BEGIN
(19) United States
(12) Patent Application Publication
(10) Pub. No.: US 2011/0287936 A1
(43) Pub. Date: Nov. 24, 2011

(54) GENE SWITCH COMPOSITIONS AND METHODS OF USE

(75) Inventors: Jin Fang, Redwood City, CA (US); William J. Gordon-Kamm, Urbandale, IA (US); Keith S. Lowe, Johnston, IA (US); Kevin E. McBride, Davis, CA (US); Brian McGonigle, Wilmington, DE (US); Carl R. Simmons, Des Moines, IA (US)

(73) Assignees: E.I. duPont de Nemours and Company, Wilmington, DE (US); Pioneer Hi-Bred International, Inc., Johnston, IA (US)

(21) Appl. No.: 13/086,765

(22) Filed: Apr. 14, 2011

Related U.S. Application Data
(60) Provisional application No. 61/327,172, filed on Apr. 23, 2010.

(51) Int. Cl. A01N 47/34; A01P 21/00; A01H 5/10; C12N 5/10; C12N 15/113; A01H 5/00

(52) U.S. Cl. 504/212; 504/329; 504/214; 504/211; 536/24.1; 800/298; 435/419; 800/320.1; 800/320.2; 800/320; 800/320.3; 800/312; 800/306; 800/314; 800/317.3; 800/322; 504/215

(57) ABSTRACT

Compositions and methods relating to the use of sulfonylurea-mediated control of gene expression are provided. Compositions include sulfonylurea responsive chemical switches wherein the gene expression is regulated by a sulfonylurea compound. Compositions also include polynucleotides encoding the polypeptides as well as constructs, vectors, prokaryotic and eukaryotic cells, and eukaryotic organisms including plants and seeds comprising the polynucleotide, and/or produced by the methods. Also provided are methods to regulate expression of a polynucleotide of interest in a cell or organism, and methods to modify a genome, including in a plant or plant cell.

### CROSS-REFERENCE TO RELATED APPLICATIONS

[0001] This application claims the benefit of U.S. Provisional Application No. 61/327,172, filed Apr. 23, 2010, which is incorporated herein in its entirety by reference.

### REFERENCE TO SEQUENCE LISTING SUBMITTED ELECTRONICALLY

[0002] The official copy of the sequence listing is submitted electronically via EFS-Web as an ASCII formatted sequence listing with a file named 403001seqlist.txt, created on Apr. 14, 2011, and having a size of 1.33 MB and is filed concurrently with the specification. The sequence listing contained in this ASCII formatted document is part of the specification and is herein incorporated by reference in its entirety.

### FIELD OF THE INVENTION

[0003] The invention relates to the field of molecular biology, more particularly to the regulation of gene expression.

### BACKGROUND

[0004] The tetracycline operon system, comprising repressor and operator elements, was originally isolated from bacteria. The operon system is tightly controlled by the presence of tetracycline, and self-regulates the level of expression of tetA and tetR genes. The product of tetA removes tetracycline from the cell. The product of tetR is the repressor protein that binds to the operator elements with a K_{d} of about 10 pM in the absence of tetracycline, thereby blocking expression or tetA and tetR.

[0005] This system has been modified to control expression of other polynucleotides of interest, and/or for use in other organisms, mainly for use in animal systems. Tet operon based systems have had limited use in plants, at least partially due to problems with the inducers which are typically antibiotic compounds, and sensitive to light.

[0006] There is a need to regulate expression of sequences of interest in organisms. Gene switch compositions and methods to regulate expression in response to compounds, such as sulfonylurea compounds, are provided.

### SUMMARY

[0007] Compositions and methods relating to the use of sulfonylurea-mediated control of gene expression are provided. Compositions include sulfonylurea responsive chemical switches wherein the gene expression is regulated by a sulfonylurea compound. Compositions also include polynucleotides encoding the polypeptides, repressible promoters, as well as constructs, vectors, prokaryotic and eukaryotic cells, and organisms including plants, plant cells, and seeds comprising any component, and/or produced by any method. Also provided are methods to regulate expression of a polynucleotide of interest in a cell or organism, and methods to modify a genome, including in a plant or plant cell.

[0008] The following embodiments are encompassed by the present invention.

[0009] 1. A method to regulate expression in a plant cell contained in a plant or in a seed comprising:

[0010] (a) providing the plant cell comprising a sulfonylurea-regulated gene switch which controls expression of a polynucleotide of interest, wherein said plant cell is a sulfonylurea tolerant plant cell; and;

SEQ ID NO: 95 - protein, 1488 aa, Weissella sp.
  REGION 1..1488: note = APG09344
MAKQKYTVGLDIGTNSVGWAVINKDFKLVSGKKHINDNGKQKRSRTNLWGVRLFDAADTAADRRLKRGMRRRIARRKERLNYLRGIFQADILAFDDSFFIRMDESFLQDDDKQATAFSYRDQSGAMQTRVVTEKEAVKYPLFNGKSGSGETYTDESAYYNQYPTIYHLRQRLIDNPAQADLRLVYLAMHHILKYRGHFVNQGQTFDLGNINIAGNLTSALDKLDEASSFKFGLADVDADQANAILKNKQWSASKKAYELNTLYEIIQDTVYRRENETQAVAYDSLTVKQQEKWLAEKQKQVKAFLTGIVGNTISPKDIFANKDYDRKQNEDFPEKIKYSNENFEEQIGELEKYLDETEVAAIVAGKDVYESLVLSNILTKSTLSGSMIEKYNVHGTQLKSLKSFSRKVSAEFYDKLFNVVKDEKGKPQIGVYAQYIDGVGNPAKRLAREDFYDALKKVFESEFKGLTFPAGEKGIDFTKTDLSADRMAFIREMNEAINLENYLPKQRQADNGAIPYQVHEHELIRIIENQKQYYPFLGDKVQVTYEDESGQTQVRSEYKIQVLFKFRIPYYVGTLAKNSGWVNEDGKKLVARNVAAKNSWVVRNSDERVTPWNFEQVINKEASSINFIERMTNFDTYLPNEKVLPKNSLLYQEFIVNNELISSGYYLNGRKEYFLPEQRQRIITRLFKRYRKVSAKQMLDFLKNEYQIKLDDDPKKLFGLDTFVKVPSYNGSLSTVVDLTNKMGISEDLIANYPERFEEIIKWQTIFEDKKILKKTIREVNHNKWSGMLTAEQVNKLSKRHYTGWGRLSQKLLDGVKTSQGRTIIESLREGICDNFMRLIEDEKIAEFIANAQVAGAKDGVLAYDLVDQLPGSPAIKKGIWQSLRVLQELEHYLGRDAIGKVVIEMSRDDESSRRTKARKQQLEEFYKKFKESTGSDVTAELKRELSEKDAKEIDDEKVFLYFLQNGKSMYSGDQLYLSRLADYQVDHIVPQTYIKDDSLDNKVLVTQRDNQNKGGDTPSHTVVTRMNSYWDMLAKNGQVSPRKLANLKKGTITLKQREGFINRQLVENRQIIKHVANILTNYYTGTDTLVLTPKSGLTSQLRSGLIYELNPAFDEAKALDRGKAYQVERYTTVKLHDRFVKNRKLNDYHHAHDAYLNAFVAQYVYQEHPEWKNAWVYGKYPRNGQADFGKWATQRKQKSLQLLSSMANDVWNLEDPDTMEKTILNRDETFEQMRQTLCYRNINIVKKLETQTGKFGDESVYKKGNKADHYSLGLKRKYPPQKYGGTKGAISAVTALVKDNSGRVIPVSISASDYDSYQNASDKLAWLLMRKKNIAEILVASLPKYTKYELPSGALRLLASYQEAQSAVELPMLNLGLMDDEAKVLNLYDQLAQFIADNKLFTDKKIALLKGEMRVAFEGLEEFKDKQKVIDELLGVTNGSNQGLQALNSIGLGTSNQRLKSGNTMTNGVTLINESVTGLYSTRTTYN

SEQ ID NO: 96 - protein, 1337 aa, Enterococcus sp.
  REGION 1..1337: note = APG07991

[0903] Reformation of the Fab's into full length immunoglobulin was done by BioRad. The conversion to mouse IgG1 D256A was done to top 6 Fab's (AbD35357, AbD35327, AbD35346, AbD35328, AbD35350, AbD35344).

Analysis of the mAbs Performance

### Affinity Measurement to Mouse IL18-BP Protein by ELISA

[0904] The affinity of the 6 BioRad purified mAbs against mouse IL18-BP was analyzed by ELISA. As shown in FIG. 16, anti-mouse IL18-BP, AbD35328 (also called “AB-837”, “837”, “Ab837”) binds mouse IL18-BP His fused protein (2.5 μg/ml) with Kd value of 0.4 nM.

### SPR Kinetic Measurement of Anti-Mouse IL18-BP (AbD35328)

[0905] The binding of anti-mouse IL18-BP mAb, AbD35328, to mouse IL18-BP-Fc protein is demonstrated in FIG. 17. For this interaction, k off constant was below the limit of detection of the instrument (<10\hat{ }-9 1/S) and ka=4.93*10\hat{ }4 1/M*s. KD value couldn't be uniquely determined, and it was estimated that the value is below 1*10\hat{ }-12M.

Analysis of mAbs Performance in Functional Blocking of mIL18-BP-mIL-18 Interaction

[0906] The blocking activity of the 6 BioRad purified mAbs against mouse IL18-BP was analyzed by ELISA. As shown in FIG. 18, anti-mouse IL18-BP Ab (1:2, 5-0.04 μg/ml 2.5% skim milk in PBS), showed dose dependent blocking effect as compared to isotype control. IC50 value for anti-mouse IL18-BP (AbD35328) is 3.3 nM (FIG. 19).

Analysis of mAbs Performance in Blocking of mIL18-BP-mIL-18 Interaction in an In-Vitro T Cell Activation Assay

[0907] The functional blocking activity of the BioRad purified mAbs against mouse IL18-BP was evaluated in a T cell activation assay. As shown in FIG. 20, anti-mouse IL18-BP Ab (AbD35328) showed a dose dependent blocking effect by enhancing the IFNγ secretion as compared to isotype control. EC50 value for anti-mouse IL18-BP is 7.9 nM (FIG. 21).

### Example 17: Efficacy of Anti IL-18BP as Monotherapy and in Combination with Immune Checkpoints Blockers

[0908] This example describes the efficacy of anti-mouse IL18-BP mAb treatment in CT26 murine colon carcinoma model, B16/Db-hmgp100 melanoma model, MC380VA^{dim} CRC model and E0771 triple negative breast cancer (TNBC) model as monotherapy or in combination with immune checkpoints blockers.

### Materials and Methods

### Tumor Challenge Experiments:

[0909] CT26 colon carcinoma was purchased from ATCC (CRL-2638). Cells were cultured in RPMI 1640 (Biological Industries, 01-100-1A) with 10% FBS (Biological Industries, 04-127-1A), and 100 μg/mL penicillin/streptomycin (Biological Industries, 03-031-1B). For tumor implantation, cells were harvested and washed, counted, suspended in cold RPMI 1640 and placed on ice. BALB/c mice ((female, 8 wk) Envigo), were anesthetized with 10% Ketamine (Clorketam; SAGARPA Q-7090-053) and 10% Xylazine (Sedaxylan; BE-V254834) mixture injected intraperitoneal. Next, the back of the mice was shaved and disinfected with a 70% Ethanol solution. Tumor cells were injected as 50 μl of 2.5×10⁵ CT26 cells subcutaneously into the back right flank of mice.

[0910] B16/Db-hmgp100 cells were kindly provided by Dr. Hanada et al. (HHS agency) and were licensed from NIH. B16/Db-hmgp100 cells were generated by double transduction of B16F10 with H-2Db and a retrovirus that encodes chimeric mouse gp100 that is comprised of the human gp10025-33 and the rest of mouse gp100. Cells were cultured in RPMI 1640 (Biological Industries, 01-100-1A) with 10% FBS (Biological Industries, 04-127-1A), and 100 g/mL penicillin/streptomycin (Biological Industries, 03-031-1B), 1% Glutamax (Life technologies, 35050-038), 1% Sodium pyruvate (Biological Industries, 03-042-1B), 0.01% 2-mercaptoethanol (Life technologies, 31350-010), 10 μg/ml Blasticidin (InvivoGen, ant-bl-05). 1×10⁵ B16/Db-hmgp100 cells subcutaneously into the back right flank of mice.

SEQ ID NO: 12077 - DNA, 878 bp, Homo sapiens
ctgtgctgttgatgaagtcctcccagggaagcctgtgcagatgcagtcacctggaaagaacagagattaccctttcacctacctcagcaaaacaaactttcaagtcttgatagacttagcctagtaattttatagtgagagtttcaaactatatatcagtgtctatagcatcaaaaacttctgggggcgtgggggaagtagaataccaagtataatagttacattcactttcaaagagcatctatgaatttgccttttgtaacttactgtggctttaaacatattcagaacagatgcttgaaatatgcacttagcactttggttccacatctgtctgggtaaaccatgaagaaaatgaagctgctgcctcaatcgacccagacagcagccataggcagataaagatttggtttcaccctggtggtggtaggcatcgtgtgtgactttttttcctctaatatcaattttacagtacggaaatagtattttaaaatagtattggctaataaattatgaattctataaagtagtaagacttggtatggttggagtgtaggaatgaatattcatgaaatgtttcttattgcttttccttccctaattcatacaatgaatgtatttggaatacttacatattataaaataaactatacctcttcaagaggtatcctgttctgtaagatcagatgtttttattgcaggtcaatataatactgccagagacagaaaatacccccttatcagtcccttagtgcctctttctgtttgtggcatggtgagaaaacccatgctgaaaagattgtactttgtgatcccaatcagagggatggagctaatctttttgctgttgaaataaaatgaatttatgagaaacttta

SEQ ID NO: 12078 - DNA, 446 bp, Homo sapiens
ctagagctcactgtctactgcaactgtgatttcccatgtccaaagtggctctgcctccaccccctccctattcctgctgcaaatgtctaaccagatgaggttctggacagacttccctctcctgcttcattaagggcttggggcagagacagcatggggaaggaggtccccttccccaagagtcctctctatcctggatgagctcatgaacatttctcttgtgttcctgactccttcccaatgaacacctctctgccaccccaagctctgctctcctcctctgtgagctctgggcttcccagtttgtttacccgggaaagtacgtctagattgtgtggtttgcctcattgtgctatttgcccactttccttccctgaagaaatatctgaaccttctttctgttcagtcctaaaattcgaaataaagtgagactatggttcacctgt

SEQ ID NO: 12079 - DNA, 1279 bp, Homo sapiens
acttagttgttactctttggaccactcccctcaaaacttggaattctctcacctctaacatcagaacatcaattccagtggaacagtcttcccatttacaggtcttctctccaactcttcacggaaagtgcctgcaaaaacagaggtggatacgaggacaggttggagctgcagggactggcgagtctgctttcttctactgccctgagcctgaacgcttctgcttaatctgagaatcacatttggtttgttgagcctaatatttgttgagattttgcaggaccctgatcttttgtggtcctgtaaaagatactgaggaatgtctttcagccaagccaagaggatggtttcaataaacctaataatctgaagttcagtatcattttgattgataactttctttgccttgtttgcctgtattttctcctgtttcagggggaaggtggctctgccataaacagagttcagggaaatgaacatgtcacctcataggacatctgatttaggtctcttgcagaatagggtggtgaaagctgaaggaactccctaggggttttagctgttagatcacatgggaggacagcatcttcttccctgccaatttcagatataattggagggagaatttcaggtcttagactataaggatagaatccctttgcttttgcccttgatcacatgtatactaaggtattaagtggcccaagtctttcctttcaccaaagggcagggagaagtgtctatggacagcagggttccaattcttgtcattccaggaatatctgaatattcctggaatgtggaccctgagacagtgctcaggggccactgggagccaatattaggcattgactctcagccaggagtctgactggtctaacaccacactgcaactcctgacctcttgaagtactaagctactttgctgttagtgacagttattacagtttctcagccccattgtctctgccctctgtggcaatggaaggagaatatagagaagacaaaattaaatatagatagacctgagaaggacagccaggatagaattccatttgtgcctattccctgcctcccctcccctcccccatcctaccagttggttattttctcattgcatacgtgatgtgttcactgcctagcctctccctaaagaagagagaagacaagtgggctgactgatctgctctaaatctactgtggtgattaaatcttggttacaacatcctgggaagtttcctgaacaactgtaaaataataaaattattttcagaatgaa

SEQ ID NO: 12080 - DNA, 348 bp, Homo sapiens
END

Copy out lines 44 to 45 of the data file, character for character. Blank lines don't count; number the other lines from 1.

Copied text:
Analysis of mAbs Performance in Blocking of mIL18-BP-mIL-18 Interaction in an In-Vitro T Cell Activation Assay

[0907] The functional blocking activity of the BioRad purified mAbs against mouse IL18-BP was evaluated in a T cell activation assay. As shown in FIG. 20, anti-mouse IL18-BP Ab (AbD35328) showed a dose dependent blocking effect by enhancing the IFNγ secretion as compared to isotype control. EC50 value for anti-mouse IL18-BP is 7.9 nM (FIG. 21).